Sunday Times Culture 30-8-98
Much More To Pop Than Pap

Diminutive West Country diva Polly Harvey and her band PJ Harvey previewed their new album to a devoted audience at the same venue. Harvey’s brilliant move seven years back was to foreground an approachable human voice within the nagging anti-rock shapes of her East Coast American heroes Slint, whom she once asked to join. Nearly a decade later, she is moving away from twitchy guitars to howl and intone over a subsonic bass so intense the fixtures and fittings at the back of the hall are providing their own percussive embellishments. Even when you can only see the top of her head, Harvey has a winning presence. When she fumbles the intro to Missed she makes an audible Homer Simpson "doh!" sound, and the power drill riff of the encore, 50ft Queenie, is an anthem of empowerment that makes you walk tall, whatever your gender.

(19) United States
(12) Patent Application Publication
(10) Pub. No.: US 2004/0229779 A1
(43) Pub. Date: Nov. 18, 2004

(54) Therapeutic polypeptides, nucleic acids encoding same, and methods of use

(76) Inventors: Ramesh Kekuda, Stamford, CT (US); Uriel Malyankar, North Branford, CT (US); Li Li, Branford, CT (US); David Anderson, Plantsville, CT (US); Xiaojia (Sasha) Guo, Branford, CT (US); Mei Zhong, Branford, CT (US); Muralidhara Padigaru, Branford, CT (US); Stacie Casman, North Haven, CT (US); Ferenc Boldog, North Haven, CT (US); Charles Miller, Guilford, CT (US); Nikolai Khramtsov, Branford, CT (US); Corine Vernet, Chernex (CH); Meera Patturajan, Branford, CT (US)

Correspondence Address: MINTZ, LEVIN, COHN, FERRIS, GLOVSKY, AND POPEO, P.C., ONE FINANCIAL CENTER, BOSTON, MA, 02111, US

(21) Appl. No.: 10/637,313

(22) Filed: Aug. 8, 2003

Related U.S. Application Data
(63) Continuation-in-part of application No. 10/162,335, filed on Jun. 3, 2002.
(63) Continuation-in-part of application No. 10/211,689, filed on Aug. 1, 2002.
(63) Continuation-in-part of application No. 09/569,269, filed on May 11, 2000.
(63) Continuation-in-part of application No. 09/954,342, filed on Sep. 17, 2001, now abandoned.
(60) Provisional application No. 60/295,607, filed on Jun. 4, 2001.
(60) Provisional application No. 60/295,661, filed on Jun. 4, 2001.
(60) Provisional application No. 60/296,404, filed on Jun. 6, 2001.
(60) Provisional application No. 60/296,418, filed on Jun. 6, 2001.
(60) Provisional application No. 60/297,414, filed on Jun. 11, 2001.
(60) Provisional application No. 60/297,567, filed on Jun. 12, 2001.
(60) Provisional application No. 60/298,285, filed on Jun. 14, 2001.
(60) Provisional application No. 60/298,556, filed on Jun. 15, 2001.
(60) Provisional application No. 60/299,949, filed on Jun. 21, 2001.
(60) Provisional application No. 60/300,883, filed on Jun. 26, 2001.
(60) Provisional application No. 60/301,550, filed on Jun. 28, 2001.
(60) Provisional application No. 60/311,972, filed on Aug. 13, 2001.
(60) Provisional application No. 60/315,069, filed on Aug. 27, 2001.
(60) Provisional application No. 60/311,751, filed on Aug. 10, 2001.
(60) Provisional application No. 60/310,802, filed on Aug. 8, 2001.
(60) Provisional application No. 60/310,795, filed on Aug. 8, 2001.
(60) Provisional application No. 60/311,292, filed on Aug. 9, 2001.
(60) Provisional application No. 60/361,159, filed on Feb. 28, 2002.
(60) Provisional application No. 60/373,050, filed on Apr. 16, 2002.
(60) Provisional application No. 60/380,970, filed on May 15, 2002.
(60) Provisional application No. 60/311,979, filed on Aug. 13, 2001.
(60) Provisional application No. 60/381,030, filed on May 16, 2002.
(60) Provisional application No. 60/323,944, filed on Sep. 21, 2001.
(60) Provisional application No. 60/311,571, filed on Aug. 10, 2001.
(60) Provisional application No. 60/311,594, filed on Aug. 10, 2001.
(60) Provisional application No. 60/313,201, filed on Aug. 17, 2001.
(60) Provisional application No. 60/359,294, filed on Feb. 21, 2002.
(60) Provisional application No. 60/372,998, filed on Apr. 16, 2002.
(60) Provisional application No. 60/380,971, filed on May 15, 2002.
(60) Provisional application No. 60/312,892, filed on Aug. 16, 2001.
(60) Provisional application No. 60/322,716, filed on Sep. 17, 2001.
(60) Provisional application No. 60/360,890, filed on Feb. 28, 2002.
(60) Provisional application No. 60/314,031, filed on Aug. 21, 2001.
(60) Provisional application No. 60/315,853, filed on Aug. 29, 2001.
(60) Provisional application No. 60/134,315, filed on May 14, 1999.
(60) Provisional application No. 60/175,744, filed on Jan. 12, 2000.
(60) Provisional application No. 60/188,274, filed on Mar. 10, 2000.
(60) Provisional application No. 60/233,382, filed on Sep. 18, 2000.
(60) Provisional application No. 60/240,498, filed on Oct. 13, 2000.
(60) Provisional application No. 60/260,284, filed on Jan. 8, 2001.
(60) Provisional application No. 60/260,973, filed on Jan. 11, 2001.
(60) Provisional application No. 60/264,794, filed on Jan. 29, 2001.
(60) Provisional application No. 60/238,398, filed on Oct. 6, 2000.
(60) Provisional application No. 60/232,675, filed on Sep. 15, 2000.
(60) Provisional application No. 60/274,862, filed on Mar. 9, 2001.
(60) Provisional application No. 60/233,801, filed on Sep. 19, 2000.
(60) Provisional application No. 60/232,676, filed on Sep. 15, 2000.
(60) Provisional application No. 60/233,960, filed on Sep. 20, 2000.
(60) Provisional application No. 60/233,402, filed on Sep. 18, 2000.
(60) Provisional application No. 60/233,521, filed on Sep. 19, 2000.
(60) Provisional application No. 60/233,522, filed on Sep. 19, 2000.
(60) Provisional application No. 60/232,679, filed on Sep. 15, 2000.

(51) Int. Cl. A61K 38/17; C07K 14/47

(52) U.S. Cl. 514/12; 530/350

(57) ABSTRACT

Apparently, on the second of his two nights, Nick Cave had to abandon his reading due to persistent heckling. But for the most part, Flux audiences rose to the challenge they were offered. David Thomas’s most intimate sections really worked, and PJ Harvey’s unfamiliar new material was greeted as rapturously as old favourites. That said, when Yo La Tengo came back for their now traditional comedy encore, on this occasion a version of Sham 69’s yob rock terrace anthem Borstal Breakout, the clapometer went off the scale. Somewhere between Cave’s meditations on God, and an American trio who should know better urging us all to escape from the juvenile detention centre, this year’s Flux festival found a unique and vital identity. Steiner did make one unassailable point in his lecture, saying: "This is one of the great periods of music." Hopefully, the Flux festival will be back next year to help document it once more.

Stewart Lee